Spectators on the stands wave at the racing cars as they thunder past, 2 August 1959
© Stiftung Stadtmuseum Berlin | Photo: Pressebilderdienst Kindermann


24th September 2021 marked the one hundredth anniversary of the opening of the “Automobil-Verkehrs- und Übungsstraße” (AVUS) [Automobile traffic and training road]. Races at the AVUS were one of Berlin’s most popular sporting events and at their peak drew in over 300,000 people.

The Avus is regarded as the world’s first automobile-only road and, for a long time, also has been deemed to be the fastest race track in the world on which countless records were set. Today it forms the northern section of the A115 motorway, but even until the end of the 1990’s, it was also still being used as a racetrack. Its chequered past begins at the time of the German Empire and reflects the dramatic history of Europe during the 20th century.

Map of Grunewald showing the AVUS from 1923
© Berliner Morgenpost | source: Sammlung eAUTOBAHN.de
Anyone who has ever travelled by car to Berlin, approaching from the south west, is sure to know the stand at the side of the road close to the radio tower. By the time you reach it, you will already have been on Germany’s oldest motorway for the past ten kilometres. The stand is a still recognisable “vestige” of the race track which used to have turning loops at its southern and northern ends. The two loops formed the only curves of the race course which in those days was 19.6 kilometres in length. They are no longer there now. Notably the 18-metre-wide banking on the north side and AVUS’ reputation as the world’s fasted race track form part of its legendary status.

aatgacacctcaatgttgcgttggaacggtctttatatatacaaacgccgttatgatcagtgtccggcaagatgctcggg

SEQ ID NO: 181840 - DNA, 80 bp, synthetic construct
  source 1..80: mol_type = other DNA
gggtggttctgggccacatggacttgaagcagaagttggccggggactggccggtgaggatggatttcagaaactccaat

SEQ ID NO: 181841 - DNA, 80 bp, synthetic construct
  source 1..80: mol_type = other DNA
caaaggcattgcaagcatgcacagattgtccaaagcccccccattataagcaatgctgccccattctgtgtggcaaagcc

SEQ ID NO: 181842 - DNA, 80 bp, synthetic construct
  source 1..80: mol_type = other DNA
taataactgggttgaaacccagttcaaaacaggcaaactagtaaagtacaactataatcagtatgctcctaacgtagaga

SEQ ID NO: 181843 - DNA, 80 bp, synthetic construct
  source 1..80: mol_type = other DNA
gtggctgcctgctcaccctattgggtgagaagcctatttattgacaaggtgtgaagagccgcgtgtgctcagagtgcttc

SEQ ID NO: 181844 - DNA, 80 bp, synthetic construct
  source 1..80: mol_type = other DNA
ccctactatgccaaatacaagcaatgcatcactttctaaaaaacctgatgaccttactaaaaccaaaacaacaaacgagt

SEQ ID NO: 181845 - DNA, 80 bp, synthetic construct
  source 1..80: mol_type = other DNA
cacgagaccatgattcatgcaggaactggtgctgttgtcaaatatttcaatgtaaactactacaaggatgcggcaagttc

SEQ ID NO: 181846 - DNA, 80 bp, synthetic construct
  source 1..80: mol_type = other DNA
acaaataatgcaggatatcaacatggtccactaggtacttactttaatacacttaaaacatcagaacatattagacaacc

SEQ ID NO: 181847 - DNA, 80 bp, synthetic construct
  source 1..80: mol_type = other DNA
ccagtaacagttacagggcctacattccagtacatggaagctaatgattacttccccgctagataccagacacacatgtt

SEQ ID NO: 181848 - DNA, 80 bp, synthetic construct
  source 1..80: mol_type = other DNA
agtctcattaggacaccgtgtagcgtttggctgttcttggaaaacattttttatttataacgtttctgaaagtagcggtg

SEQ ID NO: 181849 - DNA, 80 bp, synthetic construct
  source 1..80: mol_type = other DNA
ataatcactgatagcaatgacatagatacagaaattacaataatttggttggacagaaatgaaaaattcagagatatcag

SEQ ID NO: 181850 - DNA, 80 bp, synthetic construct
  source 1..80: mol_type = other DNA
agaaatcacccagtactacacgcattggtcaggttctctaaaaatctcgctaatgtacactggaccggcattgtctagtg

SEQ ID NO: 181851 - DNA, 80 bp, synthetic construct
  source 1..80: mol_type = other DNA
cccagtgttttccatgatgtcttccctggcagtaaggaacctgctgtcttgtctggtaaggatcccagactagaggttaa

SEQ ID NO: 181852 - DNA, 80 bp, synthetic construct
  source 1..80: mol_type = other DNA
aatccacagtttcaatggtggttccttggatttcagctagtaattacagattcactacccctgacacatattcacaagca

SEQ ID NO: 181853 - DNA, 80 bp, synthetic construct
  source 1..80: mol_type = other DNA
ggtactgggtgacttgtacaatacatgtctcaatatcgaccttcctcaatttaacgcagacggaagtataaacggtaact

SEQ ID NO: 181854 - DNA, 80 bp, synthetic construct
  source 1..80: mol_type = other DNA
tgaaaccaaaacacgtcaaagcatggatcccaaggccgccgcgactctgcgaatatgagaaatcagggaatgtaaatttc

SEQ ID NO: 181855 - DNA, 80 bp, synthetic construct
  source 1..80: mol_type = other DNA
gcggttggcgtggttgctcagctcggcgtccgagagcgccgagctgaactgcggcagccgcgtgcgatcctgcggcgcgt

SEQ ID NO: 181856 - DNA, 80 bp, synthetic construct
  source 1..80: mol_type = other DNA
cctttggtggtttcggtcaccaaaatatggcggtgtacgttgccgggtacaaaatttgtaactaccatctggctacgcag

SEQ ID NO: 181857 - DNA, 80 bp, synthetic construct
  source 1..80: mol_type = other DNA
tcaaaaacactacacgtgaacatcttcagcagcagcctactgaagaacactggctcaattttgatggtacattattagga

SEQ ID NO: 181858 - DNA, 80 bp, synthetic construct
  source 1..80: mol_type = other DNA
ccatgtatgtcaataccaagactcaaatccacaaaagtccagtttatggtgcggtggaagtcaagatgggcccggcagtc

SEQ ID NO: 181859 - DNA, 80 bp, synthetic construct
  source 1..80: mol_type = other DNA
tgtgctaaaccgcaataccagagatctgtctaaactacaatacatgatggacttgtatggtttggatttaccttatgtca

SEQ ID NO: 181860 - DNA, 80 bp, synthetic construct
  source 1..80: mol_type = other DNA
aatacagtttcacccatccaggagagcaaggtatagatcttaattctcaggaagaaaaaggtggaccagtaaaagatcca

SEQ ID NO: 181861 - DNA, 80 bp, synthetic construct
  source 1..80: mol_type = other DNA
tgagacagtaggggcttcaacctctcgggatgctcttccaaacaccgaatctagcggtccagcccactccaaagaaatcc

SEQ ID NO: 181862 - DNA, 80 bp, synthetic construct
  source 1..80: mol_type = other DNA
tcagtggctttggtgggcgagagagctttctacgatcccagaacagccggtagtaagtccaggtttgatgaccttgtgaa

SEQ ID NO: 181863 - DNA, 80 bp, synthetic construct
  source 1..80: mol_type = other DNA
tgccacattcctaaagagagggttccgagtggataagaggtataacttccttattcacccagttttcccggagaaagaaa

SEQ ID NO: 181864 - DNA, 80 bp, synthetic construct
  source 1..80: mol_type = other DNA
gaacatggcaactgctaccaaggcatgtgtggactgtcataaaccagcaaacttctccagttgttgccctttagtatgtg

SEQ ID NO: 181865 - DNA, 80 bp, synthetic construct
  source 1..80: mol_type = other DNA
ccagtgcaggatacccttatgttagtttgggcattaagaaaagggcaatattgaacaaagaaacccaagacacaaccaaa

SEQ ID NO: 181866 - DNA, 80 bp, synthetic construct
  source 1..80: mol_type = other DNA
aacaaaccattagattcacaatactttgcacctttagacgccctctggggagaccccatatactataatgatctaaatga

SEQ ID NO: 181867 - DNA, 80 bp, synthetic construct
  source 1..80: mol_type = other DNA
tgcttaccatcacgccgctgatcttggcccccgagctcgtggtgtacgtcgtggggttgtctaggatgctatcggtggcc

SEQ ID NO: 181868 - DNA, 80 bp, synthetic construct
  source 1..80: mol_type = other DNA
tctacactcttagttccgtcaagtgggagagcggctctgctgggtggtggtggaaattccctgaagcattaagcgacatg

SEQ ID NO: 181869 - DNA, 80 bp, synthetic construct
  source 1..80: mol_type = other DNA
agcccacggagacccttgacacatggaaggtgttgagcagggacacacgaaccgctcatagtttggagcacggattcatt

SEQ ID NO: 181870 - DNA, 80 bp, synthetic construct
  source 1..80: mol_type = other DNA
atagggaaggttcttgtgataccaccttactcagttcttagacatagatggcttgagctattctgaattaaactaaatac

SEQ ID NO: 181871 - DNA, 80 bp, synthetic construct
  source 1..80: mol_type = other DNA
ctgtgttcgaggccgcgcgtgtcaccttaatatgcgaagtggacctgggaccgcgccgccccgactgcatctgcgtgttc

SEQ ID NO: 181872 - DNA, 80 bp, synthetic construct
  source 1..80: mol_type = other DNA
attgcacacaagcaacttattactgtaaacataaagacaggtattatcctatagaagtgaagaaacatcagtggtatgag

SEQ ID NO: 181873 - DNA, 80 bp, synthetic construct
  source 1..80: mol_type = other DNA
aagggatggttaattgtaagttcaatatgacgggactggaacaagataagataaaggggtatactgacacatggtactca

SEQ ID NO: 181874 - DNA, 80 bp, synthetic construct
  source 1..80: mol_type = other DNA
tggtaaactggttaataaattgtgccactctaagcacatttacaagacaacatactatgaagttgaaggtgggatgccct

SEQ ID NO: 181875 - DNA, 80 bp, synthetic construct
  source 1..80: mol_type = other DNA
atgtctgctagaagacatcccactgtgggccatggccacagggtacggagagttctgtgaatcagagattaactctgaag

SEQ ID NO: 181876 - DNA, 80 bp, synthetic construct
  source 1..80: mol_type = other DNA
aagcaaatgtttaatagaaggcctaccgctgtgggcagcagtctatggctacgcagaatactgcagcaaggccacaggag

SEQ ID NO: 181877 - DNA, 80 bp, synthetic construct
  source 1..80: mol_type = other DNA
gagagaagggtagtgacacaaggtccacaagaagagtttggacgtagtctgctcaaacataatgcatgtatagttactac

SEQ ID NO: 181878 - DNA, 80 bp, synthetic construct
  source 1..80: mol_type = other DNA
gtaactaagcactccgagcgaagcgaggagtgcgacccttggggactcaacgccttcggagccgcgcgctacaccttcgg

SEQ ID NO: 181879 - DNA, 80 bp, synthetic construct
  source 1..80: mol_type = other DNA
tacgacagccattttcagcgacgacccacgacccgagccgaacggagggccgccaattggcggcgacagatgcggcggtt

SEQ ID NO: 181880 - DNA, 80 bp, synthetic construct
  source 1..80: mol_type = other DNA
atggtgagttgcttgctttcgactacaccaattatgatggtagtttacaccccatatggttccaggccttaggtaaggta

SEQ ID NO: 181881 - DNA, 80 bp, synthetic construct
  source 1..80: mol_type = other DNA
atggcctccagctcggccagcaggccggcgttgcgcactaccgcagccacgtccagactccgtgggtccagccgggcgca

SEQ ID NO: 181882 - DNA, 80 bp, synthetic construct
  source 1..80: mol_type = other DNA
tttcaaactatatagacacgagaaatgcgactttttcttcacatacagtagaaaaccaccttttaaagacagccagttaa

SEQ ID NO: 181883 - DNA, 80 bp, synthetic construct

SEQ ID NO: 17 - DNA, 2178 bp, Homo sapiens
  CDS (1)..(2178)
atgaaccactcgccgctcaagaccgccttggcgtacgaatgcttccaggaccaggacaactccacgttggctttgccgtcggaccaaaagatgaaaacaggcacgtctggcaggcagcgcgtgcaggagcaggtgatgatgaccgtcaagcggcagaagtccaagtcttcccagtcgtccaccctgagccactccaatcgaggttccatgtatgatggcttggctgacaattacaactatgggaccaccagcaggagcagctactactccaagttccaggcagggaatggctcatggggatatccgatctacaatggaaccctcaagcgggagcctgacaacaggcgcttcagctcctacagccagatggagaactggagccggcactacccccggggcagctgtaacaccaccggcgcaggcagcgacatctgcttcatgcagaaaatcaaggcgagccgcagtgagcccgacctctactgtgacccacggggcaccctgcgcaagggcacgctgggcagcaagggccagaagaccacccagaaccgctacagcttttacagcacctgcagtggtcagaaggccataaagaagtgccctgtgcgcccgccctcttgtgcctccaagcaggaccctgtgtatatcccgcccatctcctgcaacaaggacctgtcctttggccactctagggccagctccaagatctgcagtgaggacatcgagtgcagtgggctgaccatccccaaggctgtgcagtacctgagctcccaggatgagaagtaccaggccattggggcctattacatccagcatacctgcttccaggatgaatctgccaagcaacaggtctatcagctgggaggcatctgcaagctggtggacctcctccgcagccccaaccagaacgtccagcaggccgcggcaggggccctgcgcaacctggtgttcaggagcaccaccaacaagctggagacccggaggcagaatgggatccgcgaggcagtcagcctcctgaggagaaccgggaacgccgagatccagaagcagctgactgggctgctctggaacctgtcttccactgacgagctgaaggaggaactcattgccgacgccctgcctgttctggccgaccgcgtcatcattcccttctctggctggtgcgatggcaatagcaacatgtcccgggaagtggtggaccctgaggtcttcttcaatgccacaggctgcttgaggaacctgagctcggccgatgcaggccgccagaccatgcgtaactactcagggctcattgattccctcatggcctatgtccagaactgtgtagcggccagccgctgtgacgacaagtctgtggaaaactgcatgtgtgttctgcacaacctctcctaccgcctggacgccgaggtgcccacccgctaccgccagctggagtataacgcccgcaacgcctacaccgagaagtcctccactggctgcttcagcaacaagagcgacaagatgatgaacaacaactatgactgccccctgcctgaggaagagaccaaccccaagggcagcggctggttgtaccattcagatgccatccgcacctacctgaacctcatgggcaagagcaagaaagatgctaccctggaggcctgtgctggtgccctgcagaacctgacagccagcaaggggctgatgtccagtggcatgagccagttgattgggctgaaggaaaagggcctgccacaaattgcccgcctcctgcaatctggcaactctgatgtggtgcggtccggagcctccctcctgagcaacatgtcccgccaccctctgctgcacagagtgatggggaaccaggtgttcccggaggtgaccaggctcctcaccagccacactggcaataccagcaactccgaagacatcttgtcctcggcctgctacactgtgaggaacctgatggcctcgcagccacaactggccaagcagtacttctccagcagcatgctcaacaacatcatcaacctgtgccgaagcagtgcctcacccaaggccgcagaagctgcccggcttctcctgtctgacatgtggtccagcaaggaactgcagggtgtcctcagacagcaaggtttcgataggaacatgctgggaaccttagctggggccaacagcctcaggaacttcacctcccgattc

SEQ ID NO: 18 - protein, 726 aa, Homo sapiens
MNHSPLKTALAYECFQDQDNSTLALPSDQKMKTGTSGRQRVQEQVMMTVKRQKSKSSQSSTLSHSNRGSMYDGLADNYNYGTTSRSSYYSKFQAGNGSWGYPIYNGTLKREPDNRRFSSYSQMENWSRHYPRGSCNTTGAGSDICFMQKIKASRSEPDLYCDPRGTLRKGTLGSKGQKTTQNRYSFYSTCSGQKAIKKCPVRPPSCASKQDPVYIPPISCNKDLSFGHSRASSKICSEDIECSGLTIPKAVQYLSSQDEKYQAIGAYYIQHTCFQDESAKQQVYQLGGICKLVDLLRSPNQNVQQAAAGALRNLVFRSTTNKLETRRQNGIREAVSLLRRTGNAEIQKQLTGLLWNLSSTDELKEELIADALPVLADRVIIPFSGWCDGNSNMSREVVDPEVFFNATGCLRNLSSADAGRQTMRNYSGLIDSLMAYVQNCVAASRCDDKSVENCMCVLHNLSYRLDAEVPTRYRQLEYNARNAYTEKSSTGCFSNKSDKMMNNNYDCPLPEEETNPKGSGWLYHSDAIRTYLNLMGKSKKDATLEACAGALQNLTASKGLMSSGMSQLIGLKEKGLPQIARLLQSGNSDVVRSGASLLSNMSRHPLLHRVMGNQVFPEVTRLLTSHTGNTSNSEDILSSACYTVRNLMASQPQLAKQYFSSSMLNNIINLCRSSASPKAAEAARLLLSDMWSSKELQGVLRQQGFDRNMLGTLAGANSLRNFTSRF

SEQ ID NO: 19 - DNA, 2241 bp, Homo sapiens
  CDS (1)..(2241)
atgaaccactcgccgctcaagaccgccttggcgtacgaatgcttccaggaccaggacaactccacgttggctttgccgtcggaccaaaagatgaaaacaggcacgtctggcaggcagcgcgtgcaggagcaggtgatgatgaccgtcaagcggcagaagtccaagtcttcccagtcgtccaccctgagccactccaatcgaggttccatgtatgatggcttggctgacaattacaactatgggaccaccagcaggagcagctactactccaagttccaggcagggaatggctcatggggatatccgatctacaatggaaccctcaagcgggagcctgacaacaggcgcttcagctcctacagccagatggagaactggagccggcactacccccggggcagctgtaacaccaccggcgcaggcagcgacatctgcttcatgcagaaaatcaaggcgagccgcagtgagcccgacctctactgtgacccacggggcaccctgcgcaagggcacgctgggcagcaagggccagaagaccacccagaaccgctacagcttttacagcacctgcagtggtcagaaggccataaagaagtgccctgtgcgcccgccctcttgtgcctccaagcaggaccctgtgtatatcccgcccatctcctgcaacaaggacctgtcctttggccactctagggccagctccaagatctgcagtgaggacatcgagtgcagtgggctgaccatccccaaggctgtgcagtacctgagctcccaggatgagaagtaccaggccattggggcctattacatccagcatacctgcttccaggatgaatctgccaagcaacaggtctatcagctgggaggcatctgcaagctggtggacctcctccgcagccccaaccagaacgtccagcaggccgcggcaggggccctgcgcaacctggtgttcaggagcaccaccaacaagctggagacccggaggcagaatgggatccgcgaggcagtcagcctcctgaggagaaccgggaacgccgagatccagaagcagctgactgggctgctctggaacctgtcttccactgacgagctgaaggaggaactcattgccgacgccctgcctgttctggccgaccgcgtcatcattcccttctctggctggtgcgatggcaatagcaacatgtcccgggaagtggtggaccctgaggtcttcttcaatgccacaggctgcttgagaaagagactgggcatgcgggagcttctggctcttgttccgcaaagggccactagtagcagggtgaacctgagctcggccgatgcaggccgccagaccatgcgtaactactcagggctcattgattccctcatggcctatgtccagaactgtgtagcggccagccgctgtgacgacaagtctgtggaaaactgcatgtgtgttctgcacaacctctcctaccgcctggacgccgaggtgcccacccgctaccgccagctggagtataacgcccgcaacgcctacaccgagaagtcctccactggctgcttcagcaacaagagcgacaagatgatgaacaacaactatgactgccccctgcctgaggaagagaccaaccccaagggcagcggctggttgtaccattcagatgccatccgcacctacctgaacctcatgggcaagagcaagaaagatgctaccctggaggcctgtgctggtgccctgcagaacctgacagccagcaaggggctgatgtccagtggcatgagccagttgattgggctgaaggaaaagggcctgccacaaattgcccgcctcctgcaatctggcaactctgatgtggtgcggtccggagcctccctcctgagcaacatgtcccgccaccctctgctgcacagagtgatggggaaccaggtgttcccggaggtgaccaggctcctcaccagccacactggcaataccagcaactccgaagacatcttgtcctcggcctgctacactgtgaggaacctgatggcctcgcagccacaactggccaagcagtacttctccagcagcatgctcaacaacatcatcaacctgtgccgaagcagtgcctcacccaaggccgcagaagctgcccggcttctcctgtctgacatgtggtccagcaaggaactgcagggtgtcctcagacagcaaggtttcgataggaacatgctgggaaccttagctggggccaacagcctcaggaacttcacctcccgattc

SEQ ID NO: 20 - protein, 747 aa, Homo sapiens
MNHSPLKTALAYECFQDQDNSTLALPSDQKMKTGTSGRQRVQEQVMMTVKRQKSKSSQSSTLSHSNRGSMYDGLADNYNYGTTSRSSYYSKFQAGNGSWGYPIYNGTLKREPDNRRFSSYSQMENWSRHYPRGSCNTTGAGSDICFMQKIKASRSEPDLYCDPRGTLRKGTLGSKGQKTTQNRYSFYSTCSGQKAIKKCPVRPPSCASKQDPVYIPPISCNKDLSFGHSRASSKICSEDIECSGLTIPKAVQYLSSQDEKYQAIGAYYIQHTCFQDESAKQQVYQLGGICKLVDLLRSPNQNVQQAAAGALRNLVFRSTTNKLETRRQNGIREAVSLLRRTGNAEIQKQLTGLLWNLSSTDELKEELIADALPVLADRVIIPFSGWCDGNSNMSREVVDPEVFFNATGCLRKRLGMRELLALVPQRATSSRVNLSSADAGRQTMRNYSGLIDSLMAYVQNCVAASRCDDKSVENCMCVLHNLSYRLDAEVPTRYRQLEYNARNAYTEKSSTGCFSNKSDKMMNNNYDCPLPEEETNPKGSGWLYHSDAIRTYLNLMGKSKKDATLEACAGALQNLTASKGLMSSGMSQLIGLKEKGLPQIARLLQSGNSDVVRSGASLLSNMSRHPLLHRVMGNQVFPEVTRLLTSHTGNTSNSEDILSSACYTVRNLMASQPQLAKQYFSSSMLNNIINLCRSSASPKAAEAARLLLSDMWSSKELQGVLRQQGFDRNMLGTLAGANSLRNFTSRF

Many thanks to the Berlin Sports Museum and the Collection eAUTOBAHN.de for their friendly cooperation and for providing the pictures

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